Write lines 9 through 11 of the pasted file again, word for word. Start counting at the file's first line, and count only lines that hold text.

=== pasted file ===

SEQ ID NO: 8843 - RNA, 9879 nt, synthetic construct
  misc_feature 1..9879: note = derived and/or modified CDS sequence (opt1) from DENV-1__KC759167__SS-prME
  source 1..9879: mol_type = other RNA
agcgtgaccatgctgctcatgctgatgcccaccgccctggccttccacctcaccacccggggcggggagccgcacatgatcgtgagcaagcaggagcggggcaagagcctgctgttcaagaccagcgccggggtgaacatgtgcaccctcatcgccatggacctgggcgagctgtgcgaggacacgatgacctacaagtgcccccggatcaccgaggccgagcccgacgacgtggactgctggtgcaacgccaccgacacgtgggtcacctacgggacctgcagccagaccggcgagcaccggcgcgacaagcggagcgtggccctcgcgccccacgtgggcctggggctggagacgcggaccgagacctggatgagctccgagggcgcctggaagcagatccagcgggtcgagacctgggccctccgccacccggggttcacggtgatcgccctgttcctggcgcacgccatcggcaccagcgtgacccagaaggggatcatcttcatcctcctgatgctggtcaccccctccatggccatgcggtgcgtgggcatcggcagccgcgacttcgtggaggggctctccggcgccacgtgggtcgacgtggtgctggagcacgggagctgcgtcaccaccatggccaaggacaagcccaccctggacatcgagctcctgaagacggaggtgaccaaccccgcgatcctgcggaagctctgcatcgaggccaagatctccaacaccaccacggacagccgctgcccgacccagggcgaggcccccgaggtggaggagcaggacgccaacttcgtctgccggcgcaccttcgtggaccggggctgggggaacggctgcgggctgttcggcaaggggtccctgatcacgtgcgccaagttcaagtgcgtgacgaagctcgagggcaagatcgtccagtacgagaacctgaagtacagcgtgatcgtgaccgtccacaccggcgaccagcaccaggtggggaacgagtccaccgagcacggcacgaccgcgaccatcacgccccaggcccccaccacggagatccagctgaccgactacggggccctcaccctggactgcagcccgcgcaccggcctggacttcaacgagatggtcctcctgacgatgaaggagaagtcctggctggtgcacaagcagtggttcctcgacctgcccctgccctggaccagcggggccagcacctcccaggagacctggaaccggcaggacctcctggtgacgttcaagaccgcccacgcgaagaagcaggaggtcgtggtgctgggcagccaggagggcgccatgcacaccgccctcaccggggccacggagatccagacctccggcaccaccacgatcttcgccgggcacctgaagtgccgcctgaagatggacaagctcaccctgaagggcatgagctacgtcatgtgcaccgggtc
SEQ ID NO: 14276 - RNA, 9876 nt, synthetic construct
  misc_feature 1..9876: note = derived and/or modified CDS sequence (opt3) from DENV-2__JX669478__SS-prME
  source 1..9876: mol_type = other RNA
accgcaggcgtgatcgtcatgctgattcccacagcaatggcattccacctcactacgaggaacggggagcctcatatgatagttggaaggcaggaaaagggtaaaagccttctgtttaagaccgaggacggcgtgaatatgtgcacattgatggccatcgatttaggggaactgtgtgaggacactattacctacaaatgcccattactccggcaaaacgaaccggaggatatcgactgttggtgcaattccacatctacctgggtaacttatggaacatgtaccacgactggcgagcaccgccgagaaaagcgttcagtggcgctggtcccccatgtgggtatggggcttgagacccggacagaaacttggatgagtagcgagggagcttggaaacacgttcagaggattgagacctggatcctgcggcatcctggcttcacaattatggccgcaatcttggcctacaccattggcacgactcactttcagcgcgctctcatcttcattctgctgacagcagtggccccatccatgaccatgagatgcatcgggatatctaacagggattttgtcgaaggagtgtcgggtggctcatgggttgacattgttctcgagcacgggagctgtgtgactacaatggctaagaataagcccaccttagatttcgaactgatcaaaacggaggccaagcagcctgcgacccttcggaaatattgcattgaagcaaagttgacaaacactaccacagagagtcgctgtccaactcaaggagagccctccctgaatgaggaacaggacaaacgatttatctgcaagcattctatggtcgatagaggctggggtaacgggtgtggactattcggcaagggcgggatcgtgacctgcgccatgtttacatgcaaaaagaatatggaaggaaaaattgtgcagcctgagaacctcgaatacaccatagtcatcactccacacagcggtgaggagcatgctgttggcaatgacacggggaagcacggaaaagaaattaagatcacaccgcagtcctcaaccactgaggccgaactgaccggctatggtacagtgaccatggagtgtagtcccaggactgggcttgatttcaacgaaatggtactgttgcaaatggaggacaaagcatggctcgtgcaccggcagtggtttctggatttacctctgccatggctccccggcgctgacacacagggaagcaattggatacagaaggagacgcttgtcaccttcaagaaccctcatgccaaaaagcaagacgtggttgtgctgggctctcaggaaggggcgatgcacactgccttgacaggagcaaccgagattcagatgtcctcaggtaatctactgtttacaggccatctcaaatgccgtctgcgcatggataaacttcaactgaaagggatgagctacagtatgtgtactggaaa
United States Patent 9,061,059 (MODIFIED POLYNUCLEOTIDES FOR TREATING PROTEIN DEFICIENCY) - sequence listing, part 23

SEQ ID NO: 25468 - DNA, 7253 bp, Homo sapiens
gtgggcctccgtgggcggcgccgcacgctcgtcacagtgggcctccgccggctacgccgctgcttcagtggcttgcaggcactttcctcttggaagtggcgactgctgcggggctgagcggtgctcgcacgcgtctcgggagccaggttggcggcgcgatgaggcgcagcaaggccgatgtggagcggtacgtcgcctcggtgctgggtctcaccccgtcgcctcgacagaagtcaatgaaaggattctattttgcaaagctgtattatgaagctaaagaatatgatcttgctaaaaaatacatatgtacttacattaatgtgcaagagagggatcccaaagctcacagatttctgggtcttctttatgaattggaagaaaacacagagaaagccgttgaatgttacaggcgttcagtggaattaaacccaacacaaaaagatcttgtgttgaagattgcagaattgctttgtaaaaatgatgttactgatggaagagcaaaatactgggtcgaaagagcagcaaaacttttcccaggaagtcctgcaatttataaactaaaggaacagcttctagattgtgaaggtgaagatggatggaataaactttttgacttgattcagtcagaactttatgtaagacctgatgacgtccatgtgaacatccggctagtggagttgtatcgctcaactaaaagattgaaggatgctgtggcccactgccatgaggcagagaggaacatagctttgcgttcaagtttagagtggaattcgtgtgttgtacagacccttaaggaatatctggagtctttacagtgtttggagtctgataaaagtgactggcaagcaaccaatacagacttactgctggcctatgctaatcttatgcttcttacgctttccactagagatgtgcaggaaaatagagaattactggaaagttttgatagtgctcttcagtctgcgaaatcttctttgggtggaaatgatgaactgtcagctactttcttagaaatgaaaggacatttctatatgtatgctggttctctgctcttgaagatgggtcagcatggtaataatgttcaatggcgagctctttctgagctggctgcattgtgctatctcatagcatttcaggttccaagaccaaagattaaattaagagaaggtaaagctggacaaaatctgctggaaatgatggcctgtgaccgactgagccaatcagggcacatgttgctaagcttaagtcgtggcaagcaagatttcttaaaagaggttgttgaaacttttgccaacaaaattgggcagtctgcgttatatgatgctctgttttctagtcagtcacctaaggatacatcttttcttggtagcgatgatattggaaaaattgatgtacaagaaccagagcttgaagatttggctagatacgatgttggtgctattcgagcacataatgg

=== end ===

United States Patent 9,061,059 (MODIFIED POLYNUCLEOTIDES FOR TREATING PROTEIN DEFICIENCY) - sequence listing, part 23

SEQ ID NO: 25468 - DNA, 7253 bp, Homo sapiens
gtgggcctccgtgggcggcgccgcacgctcgtcacagtgggcctccgccggctacgccgctgcttcagtggcttgcaggcactttcctcttggaagtggcgactgctgcggggctgagcggtgctcgcacgcgtctcgggagccaggttggcggcgcgatgaggcgcagcaaggccgatgtggagcggtacgtcgcctcggtgctgggtctcaccccgtcgcctcgacagaagtcaatgaaaggattctattttgcaaagctgtattatgaagctaaagaatatgatcttgctaaaaaatacatatgtacttacattaatgtgcaagagagggatcccaaagctcacagatttctgggtcttctttatgaattggaagaaaacacagagaaagccgttgaatgttacaggcgttcagtggaattaaacccaacacaaaaagatcttgtgttgaagattgcagaattgctttgtaaaaatgatgttactgatggaagagcaaaatactgggtcgaaagagcagcaaaacttttcccaggaagtcctgcaatttataaactaaaggaacagcttctagattgtgaaggtgaagatggatggaataaactttttgacttgattcagtcagaactttatgtaagacctgatgacgtccatgtgaacatccggctagtggagttgtatcgctcaactaaaagattgaaggatgctgtggcccactgccatgaggcagagaggaacatagctttgcgttcaagtttagagtggaattcgtgtgttgtacagacccttaaggaatatctggagtctttacagtgtttggagtctgataaaagtgactggcaagcaaccaatacagacttactgctggcctatgctaatcttatgcttcttacgctttccactagagatgtgcaggaaaatagagaattactggaaagttttgatagtgctcttcagtctgcgaaatcttctttgggtggaaatgatgaactgtcagctactttcttagaaatgaaaggacatttctatatgtatgctggttctctgctcttgaagatgggtcagcatggtaataatgttcaatggcgagctctttctgagctggctgcattgtgctatctcatagcatttcaggttccaagaccaaagattaaattaagagaaggtaaagctggacaaaatctgctggaaatgatggcctgtgaccgactgagccaatcagggcacatgttgctaagcttaagtcgtggcaagcaagatttcttaaaagaggttgttgaaacttttgccaacaaaattgggcagtctgcgttatatgatgctctgttttctagtcagtcacctaaggatacatcttttcttggtagcgatgatattggaaaaattgatgtacaagaaccagagcttgaagatttggctagatacgatgttggtgctattcgagcacataatgg